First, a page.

Toolbox Talks

Presented by Mark Solano, CHST. and the Laborers Training School

March 13, 2024

Toolbox Talks - Eye Protection / Impact Hazards

Impact hazards. The majority of impact injuries are caused by flying or falling objects, such as large chips, fragments, particles, sand, or dirt, or by sparks striking the eye. Most of these objects are smaller than the head of a pin and can cause serious injuries such as punctures, scratches, and bruises.

Impact hazards can result from many types of work operations, including chipping, grinding, masonry, riveting, woodworking, sawing, drilling, chiseling, and sanding.

To protect against impact injuries to your eyes in hazardous work areas, always wear safety glasses with side shields or goggles, even when wearing a face shield.

Safety glasses. Safety glasses are designed to shield the eyes from a variety of impact hazards and provide frontal protection to the wearer’s eyes. Side shields provide angular protection. Non-side shield glasses aren’t acceptable eye protection for impact hazards. Frames can be fitted with either corrective or Plano impact-resistant lenses. Plano lenses should be used by workers who don’t require vision correction, and prescription corrective lenses should be used by workers who do. Safety goggles.

Safety goggles are designed to shield the eyes against flying fragments, objects, large chips, and particles. Goggles fit the face and form a protective seal around the eyes. This prevents objects from entering under or around the goggles. The frame must fit properly to your face to form the correct seal.

Safety goggle lenses are designed and tested to resist moderate impact and may be removable or may incorporate prescription lenses mounted behind protective lenses if you need vision correction. Goggles are also available with different levels of ventilation.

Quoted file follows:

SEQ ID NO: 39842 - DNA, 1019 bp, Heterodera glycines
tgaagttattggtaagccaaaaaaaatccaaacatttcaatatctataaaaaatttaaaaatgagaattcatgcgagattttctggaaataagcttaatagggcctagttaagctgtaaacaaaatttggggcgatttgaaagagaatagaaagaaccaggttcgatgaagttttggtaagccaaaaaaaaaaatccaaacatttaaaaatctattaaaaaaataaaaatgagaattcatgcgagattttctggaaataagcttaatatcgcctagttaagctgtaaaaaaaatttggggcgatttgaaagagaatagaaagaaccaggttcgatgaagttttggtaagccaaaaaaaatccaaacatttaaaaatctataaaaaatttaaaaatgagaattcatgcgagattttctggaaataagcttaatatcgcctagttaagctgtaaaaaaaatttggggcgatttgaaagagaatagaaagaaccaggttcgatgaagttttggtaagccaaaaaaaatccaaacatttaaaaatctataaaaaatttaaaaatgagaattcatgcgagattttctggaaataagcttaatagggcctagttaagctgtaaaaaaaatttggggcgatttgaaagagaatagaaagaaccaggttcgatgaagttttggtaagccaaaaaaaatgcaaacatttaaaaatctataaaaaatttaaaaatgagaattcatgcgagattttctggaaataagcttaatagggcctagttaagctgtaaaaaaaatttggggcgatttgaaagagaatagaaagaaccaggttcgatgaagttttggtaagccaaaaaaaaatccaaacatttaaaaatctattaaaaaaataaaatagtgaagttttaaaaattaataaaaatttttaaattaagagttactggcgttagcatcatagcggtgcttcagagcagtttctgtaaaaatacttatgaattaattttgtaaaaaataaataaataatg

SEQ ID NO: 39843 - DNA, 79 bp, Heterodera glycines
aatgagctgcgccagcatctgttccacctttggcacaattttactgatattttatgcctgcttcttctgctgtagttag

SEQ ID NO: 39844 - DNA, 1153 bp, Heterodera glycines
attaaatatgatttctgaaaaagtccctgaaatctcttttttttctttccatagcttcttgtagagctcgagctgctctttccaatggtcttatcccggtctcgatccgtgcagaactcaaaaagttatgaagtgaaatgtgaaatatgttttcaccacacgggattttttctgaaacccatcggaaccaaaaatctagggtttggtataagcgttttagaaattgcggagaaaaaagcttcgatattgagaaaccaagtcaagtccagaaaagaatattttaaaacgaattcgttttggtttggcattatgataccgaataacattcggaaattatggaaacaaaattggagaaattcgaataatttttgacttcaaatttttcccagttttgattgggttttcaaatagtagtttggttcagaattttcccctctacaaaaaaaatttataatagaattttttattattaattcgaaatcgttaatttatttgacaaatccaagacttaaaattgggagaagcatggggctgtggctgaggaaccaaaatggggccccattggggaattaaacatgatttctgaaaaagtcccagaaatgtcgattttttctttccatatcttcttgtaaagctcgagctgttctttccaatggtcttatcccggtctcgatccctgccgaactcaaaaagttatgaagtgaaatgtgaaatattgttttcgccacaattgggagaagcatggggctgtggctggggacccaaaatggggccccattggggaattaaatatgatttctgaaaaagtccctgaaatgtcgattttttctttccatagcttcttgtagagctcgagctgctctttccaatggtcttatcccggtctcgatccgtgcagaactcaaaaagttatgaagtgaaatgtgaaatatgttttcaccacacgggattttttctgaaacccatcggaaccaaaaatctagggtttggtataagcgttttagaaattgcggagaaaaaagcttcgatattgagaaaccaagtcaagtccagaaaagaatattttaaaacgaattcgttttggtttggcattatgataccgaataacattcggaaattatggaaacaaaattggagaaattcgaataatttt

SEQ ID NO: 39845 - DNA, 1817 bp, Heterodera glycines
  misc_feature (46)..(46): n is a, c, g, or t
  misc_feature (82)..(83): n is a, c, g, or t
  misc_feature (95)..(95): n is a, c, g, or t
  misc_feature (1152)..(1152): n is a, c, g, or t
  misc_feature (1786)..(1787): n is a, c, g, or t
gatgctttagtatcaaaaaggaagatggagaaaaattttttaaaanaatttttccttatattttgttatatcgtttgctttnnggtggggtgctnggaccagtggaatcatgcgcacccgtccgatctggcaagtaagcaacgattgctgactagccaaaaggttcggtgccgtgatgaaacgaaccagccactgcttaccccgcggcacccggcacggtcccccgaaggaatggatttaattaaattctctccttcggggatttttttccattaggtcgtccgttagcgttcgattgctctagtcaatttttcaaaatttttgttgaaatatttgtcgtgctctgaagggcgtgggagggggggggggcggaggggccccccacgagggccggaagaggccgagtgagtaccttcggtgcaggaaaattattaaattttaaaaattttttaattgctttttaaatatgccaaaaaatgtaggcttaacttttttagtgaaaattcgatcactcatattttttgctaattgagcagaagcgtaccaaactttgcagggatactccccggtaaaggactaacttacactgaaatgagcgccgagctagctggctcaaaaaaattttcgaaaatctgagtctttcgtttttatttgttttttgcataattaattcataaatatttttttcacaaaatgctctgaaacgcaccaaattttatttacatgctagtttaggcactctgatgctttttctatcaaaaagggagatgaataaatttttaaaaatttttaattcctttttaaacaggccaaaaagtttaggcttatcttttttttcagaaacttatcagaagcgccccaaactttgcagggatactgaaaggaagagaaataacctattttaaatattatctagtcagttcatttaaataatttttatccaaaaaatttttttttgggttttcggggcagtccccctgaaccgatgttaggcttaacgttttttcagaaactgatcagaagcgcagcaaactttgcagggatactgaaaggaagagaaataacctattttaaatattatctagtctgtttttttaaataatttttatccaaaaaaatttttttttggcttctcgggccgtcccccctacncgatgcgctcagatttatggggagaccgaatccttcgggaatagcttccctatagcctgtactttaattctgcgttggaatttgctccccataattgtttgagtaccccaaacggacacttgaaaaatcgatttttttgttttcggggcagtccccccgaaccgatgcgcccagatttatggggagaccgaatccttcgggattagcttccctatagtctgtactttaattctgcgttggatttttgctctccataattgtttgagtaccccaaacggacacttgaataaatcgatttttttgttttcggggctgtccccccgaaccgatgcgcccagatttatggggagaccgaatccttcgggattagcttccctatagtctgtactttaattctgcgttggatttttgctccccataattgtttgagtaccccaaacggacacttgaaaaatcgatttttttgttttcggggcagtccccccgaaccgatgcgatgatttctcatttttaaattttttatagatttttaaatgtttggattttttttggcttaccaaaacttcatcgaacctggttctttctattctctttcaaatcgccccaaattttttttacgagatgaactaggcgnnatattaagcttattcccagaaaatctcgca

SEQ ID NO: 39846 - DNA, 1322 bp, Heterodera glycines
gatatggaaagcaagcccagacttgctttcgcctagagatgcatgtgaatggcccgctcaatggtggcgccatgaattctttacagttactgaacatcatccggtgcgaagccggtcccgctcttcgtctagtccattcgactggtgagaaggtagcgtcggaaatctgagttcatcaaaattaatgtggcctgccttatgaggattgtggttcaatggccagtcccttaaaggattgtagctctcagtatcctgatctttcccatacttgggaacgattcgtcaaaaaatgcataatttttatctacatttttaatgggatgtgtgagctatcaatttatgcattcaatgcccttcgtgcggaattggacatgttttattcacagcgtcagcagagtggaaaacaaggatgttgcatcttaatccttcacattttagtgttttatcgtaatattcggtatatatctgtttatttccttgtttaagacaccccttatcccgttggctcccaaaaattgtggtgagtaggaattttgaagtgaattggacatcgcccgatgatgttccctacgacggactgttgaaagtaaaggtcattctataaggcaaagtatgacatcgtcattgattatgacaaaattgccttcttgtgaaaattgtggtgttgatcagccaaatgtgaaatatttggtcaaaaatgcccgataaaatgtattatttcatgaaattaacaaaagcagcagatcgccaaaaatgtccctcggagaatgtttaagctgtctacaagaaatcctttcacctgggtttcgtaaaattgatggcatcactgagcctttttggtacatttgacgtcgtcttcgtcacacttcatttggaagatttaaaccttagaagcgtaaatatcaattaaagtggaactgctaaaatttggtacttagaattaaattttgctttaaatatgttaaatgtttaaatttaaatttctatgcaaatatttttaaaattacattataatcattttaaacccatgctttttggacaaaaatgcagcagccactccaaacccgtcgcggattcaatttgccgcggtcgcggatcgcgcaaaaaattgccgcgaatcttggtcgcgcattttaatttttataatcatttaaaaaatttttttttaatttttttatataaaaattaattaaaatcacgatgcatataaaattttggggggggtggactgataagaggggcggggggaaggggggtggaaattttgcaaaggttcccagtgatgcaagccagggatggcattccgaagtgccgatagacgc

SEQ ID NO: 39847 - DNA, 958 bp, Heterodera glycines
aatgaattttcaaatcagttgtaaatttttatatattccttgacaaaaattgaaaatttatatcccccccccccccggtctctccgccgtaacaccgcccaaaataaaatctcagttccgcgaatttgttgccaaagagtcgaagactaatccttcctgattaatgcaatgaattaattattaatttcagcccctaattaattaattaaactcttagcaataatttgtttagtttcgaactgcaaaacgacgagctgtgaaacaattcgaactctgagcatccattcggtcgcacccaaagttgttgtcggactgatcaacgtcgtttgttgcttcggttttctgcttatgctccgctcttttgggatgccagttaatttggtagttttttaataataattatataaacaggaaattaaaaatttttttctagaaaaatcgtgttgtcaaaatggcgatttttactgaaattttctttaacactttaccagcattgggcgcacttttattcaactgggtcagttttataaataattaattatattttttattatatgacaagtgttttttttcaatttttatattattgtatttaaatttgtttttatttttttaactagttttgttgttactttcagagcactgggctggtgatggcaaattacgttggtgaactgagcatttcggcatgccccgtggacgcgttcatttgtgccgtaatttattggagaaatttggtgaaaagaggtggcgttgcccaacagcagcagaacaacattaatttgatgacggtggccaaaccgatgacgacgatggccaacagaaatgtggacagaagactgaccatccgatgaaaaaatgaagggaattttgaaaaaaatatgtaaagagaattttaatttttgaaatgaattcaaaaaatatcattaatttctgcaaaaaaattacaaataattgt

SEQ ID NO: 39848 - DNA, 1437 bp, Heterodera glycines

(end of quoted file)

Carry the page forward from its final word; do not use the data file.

Though your employer will provide you with suitable personal protective equipment (PPE) that complies with industry standards, different types may be available for different tasks. Before you begin a job that exposes you to impact hazards, take the time to consider which type of eye protection will provide your eyes with the best defense.

Care and maintenance. To make sure the form of eye protection you choose remains effective, clean and disinfect it regularly. To do this, disassemble the goggles or glasses, and thoroughly clean all parts with soap and warm water. Rinse all traces of soap and replace any defective parts with new ones. Swab the PPE thoroughly and immerse all parts for 10 minutes in a disinfectant solution. Remove the parts from the solution and let them air-dry in a clean place at room temperature or with heated air. Do not rinse after removing the parts from the solution because this will remove the germicidal residue that remains effective after drying. Replace the lenses if they become pitted or scratched.

Replace any headband if it becomes slack, worn out, soaked with sweat, or twisted to the point where the elasticity is reduced. To store eye protection properly, keep it in a clean, dust-proof container, such as a box, bag, plastic envelope, or storage case.


Mark Solano, CHST.

Laborers Training School Safety Officer

I entered the construction industry in the summer of 1979, faced with a choice from my father, who was president of Local 652 at the time: go to college or join the Laborers. I chose the Laborers.  

I attended the Laborers Training School in Anza during the summer of 1980. Throughout my career, I worked with several respected companies, including Granite, Silverado, and Full Traffic Maintenance. 

My passion for safety ignited during my time at Granite and I later assumed the role of Safety Manager at Griffith Company. This journey led me to serve on the subcommittee for Laborers Local 652 in Santa Ana in a management capacity.  

It was there that I first learned of the position of Safety Officer at the Laborers Training School. Recognizing it as my calling, I embraced the opportunity to be part of a program that imparts knowledge ,experience, and safety values to young apprentices. It's both an honor and privilege to serve Laborer Local unions and contractors across Southern California.

"The path of safety and service is a rewarding one, built on sharing knowledge, experiences, and shaping a safer tomorrow."